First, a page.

Working with 1 orange at a time, cut a thin slice off the top and the bottom, exposing the flesh. Stand the orange upright and, using a sharp knife, thickly cut off the peel, following the contour of the fruit and removing all the white pith and membrane. Holding the orange over a bowl, carefully cut along both sides of each section to free it from the membrane. As you work, discard any seeds and let the sections fall into the bowl. Repeat with the remaining oranges. In a large bowl, combine the pineapple, oranges, apples, banana and sherry. Toss gently to mix well. Divide the fruit mixture evenly among individual bowls. Sprinkle evenly with the toasted almonds and coconut and garnish with the mint. Serve immediately.

Nutritional info:  Calories 146, Cholesterol 0mg, Carbohydrates 26g, Sodium 1mg, Total fat 4g, Saturated fat 1g, Monounsaturated fat 1g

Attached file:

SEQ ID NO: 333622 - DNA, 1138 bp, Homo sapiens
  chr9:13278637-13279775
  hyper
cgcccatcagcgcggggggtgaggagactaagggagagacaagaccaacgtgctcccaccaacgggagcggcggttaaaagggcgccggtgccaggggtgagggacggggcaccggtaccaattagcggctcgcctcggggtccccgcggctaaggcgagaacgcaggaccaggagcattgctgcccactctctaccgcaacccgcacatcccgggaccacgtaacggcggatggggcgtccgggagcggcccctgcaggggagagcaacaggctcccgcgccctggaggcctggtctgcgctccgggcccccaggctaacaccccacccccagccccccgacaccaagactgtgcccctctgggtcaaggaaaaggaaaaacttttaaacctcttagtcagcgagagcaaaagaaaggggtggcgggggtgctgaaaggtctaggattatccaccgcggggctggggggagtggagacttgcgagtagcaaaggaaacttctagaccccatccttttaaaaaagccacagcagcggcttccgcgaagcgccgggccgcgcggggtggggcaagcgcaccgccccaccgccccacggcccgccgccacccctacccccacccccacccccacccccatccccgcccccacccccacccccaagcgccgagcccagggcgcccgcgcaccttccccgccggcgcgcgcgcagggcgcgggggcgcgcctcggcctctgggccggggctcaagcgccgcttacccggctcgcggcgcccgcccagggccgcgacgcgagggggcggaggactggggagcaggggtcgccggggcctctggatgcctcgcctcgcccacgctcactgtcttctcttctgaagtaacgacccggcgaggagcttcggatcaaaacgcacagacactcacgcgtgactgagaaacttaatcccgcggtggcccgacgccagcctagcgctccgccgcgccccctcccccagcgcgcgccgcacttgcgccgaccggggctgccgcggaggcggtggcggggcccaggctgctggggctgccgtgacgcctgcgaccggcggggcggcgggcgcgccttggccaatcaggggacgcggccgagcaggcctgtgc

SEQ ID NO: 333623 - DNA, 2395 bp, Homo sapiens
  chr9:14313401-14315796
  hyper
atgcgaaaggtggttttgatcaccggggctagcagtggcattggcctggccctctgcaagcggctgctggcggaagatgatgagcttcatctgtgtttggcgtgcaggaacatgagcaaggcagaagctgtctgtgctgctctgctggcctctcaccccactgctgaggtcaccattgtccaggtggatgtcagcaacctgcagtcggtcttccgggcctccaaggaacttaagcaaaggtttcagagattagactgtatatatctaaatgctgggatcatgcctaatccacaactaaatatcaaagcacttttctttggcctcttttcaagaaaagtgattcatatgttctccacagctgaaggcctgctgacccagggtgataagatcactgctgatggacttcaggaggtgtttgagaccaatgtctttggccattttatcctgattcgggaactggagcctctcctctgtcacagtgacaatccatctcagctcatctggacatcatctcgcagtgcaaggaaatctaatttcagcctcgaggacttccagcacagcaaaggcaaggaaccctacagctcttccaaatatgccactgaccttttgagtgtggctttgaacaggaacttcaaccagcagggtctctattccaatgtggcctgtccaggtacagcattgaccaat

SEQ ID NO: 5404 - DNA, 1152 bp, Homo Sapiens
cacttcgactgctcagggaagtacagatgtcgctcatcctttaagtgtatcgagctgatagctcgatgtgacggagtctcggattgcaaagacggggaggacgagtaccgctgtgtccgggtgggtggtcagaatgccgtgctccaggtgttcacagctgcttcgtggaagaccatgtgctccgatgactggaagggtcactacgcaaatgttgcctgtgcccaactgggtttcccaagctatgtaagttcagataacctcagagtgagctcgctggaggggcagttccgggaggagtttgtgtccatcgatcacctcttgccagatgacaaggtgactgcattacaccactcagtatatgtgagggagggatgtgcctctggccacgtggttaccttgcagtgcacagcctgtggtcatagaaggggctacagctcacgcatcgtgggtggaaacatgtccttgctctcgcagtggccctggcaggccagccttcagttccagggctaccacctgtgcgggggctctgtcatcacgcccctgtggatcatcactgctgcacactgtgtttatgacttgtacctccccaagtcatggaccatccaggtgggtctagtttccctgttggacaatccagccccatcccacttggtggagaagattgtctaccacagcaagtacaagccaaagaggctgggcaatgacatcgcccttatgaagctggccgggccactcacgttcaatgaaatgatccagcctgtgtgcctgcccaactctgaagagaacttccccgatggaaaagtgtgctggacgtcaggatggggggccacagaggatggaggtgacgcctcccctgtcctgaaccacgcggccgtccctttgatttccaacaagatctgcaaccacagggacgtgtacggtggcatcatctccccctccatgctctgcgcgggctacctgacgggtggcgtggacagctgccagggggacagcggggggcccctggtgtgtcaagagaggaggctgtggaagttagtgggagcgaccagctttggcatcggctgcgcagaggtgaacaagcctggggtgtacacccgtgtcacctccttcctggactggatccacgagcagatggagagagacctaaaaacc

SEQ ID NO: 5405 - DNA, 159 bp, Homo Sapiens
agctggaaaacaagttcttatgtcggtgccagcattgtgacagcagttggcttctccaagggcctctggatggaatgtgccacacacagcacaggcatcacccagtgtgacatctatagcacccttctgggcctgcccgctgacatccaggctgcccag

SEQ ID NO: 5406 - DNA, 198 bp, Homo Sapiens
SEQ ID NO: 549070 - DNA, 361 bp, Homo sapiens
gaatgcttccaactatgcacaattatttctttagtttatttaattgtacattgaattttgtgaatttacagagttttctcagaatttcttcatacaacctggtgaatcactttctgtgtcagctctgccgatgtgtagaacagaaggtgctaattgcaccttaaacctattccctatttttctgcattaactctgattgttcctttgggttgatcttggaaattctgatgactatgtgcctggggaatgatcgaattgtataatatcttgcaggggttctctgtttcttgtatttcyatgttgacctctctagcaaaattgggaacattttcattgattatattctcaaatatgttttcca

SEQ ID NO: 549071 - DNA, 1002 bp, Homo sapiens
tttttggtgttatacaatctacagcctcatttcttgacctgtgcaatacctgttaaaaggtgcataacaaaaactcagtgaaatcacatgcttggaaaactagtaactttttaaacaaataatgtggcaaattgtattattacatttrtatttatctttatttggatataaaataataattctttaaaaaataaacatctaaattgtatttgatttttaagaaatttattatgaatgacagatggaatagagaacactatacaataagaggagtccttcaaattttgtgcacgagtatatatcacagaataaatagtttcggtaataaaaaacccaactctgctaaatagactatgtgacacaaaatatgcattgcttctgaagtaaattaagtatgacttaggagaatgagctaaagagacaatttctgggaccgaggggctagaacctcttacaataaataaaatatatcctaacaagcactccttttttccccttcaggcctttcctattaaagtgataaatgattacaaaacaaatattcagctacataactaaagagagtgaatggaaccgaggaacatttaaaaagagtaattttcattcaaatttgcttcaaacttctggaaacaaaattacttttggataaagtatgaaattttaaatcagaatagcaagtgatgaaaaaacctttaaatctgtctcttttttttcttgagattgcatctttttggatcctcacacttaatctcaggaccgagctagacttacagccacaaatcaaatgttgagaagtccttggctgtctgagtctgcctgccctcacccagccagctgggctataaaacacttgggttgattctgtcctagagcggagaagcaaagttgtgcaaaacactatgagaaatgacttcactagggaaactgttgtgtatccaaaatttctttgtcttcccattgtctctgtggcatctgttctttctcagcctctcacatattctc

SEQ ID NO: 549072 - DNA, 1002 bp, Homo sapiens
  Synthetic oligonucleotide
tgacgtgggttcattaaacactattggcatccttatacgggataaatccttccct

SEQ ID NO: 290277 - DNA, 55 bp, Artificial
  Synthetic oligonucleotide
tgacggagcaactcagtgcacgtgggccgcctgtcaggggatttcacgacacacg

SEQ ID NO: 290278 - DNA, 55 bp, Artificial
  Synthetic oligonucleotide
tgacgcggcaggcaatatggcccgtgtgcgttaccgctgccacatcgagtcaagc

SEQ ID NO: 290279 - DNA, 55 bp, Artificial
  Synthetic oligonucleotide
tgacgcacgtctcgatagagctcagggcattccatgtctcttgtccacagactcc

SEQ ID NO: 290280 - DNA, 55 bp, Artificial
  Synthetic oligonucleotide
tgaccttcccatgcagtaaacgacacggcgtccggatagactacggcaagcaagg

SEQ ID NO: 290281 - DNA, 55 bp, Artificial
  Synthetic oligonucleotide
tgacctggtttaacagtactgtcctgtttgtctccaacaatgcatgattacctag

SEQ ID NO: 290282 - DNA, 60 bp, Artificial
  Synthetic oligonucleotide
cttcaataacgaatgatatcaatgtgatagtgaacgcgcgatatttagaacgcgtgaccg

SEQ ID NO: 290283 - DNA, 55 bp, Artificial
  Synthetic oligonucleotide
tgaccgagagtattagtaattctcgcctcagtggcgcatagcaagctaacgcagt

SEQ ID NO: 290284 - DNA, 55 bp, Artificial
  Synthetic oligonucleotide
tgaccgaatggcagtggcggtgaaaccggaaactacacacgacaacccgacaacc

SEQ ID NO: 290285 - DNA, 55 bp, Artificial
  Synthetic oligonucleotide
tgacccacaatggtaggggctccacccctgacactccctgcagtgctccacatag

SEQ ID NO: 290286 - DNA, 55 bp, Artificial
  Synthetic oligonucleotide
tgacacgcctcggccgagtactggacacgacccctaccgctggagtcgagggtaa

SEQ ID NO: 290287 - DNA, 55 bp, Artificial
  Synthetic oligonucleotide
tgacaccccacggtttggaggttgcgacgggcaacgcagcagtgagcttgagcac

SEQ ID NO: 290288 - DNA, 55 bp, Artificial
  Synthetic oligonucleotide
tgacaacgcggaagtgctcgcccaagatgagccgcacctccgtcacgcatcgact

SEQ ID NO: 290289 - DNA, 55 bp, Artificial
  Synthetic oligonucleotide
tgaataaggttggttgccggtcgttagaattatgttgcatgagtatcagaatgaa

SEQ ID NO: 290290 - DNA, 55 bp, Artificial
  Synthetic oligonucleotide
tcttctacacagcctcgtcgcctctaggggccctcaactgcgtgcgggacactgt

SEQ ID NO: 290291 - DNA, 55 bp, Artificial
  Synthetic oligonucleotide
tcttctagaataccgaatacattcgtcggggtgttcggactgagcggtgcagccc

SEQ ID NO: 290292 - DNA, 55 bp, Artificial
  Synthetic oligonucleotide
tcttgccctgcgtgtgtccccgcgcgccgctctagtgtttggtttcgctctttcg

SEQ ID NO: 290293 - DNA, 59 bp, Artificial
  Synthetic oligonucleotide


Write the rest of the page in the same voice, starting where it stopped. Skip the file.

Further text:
Apples with dip

Serves 4


8 ounces fat-free cream cheese
2 tablespoons brown sugar
1 1/2 teaspoons vanilla
2 tablespoons chopped peanuts
1/2 cup orange juice
4 apples, cored and sliced


Place the cream cheese on the counter to allow it to soften, about 5 minutes.  To make the dip, combine the brown sugar, vanilla and cream cheese in a small bowl. Mix until smooth. Stir in the chopped peanuts.  Place the apples in another bowl. Drizzle orange juice over the apples to prevent browning. Serve the sliced apples with the dip.

Nutritional Info:  Calories 177, Cholesterol 4mg, Sodium 326mg, Carbohydrate 28g, Total fat 3g, Saturated fat 1g, Monounsaturated fat 1g


Serves 16


4-ounce can diced green chili peppers, drained

Half a small onion, diced

1/4 teaspoon ground cumin

8 10-inch fat-free whole-wheat tortilla

2 cups (8 ounces) shredded reduced-fat Monterey Jack cheese


In a bowl, combine peppers, onion and cumin. Sprinkle each tortilla with cheese, using 1/4 cup cheese on each. Divide pepper mixture among tortillas, spreading it over cheese. Roll up each tortilla and put in greased 9-by-13-inch baking pan. Cover pan with foil. Bake at 350 F for 10 to 15 minutes, or until cheese melts. Remove foil. Turn oven to broil. Broil 4 inches from heat for 1 1/2 minutes a side, or until lightly browned. Cut each tortilla into 4 pieces. Serve with your favorite salsa for dipping.